Review by Matt S.
I’m going to go out on a very controversial limb here and say that minigolf is so much better than actual golf. Minigolf focuses in on the part of the golfing experience that is actually enjoyable – i.e. putting a ball in a hole – while cutting out the stuff that isn’t so fun – like losing your ball in the field next to the golf course because you mishit it that badly. Also, minigolf is an easier way to play with friends, and the silly little obstacles make for a more chill entertainment activity than a sport, as such. The good news is that Golf With Your Friends is a workable version of minigolf. The bad news is that it lacks much personality.
For one thing, there’s no avatar representing yourself on the screen. There’s only ever the ball. You line it up in the direction that you want to hit it, and go through the motions of selecting the power that you’ll swing. Then the ball travels off in whatever direction and, you hope, ends up closer to the hole.
The problem with doing this is that Golf With Your Friends struggles mightily to exhibit much character when you’re playing solo. Environments are fine (and there’s a good range of them), and the actual design of the holes are filled with clever twists and obstacles. But it still comes across as very clinical and dry.
Now at this point you’ll likely argue “but the point of Golf With Your Friends is the multiplayer! After all, you can play with up to 12 people in a single game!” This is indeed true. Golf With Friends does get a lot better in multiplayer, and not least because you suddenly get all these items to use that can really mess with your friend’s score. There’s real joy in snatching victory by throwing down some honey and ruining your buddy’s perfectly directed putt. It’s very… Mario Kart, for want of a better comparison, and just like with Mario Kart, it’s all very, very funny. But then Mario Kart is also intensely enjoyable when you’re on the train or on a plane (once COVID-19 restrictions lift, anyway), and stuck playing without the Internet, and that’s because it has characters and personality. Golf With Friends feels far too much like a putting simulator by yourself.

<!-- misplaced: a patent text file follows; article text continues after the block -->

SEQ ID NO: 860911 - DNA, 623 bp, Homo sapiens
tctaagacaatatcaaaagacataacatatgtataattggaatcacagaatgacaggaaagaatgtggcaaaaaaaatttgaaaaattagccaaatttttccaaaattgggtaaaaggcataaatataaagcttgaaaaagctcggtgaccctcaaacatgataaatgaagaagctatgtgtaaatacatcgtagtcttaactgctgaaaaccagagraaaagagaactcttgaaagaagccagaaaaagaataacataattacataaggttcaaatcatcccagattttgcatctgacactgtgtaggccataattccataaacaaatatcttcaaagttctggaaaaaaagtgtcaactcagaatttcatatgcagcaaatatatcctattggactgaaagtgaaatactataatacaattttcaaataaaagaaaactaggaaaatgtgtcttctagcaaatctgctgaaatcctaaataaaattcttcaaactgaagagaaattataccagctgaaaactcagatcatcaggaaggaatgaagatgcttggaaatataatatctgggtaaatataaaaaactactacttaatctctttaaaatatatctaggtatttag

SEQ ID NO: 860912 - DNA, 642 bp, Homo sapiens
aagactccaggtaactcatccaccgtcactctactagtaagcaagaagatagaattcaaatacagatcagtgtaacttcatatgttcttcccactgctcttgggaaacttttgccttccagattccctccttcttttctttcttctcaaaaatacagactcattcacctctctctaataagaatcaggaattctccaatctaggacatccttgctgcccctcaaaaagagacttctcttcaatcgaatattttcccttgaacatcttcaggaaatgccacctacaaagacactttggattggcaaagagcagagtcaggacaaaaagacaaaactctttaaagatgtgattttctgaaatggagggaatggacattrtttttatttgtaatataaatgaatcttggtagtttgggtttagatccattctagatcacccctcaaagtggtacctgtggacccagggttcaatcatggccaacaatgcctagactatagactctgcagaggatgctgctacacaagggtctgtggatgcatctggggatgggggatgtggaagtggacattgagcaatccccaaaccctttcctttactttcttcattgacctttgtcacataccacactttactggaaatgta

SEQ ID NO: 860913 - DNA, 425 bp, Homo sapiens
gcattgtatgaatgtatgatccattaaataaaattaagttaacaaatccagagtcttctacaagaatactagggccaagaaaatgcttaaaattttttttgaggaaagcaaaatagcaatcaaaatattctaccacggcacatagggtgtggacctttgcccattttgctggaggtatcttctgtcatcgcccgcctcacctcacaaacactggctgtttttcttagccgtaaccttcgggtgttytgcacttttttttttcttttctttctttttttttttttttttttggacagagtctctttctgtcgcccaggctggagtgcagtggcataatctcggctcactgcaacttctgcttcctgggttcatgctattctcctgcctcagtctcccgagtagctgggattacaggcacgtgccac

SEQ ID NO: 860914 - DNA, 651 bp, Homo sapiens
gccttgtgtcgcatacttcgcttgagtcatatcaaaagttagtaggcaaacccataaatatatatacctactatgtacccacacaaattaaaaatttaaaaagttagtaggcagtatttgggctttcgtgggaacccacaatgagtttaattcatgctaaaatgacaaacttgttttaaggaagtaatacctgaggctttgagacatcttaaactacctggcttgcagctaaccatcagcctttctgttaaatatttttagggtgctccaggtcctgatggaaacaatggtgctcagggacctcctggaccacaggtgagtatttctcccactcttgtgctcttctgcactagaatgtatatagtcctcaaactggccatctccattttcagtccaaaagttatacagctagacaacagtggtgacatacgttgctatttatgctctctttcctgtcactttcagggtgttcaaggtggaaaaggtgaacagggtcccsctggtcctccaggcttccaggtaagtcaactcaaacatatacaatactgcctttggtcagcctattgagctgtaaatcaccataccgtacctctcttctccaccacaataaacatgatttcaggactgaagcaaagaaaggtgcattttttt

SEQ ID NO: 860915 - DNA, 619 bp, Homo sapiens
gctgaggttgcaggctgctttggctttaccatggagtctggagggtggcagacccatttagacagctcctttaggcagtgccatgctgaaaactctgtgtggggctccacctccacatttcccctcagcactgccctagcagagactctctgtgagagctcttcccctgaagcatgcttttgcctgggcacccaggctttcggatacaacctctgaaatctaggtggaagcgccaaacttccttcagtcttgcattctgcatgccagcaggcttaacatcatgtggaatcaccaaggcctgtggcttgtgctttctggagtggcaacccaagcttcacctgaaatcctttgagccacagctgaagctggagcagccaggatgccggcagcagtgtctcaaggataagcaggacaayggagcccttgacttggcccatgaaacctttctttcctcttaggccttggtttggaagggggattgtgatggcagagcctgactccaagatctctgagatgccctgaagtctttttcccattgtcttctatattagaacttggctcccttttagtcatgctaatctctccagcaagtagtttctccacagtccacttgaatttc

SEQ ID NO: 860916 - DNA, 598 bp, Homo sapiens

The developers have done a magnificent job with the play variety, though. I already mentioned the courses, but to go into some more detail with those – you have everything from the relatively standard themed forest, haunted house, and desert oasis courses, right through to wildly silly stuff like Candyland and even Worms – as in Team17’s iconic strategy game. That Worms course even has Worms items like jetpacks to help zip your ball around a hole. It’s a real highlight. And then there’s the ability to replace holes with hockey nets and basketball hoops, just to keep the party going even longer. There are also plenty of modifiers to customise your experience completely to your taste – almost too many for what is meant to be an accessible pick-up-and-play party game.
That actually leads to my next point: Golf With Your Friends is actually pretty limited in terms of just how much fun it is in multiplayer, too. It doesn’t really work with randoms. Waiting for the matchmaking to find you someone to play immediately kills the party mood, and it’s just not as much fun to honey-splat ruin a random’s score as it is a mate’s. To again compare with Mario Kart, too; Mario Kart works online with randoms because, as much as it’s an item-fueled party game, it also has a competitive edge. Winning a game of Golf With Your Friends doesn’t have the same resonance or sensation that you’ve got there on skill, and as such the best application of the game is exceedingly narrow – you want to be able to get at least a half dozen friends together to play over beers and chips (and not decide to just play Smash Bros or Mario Kart instead).
I’m actually disappointed that I didn’t like Golf With Your Friends more. I enjoy party games, I enjoy minigolf, and I do think that the fundamentals of good minigolf are in there. However, it’s worth remembering that right back at the start with the Nintendo Switch Zen Studios released Infinite Minigolf – a minigolf game with character avatars, personality AND the ability to create and share courses, giving it much greater value as a single-player experience. It doesn’t have the ability to provide the kind of wildly entertaining large party experience of Golf With Your Friends, though, so I guess the question then becomes which of the two scenarios will more likely describe how you’re playing games most of the time?
– Matt S.
Find me on Twitter: @mattsainsb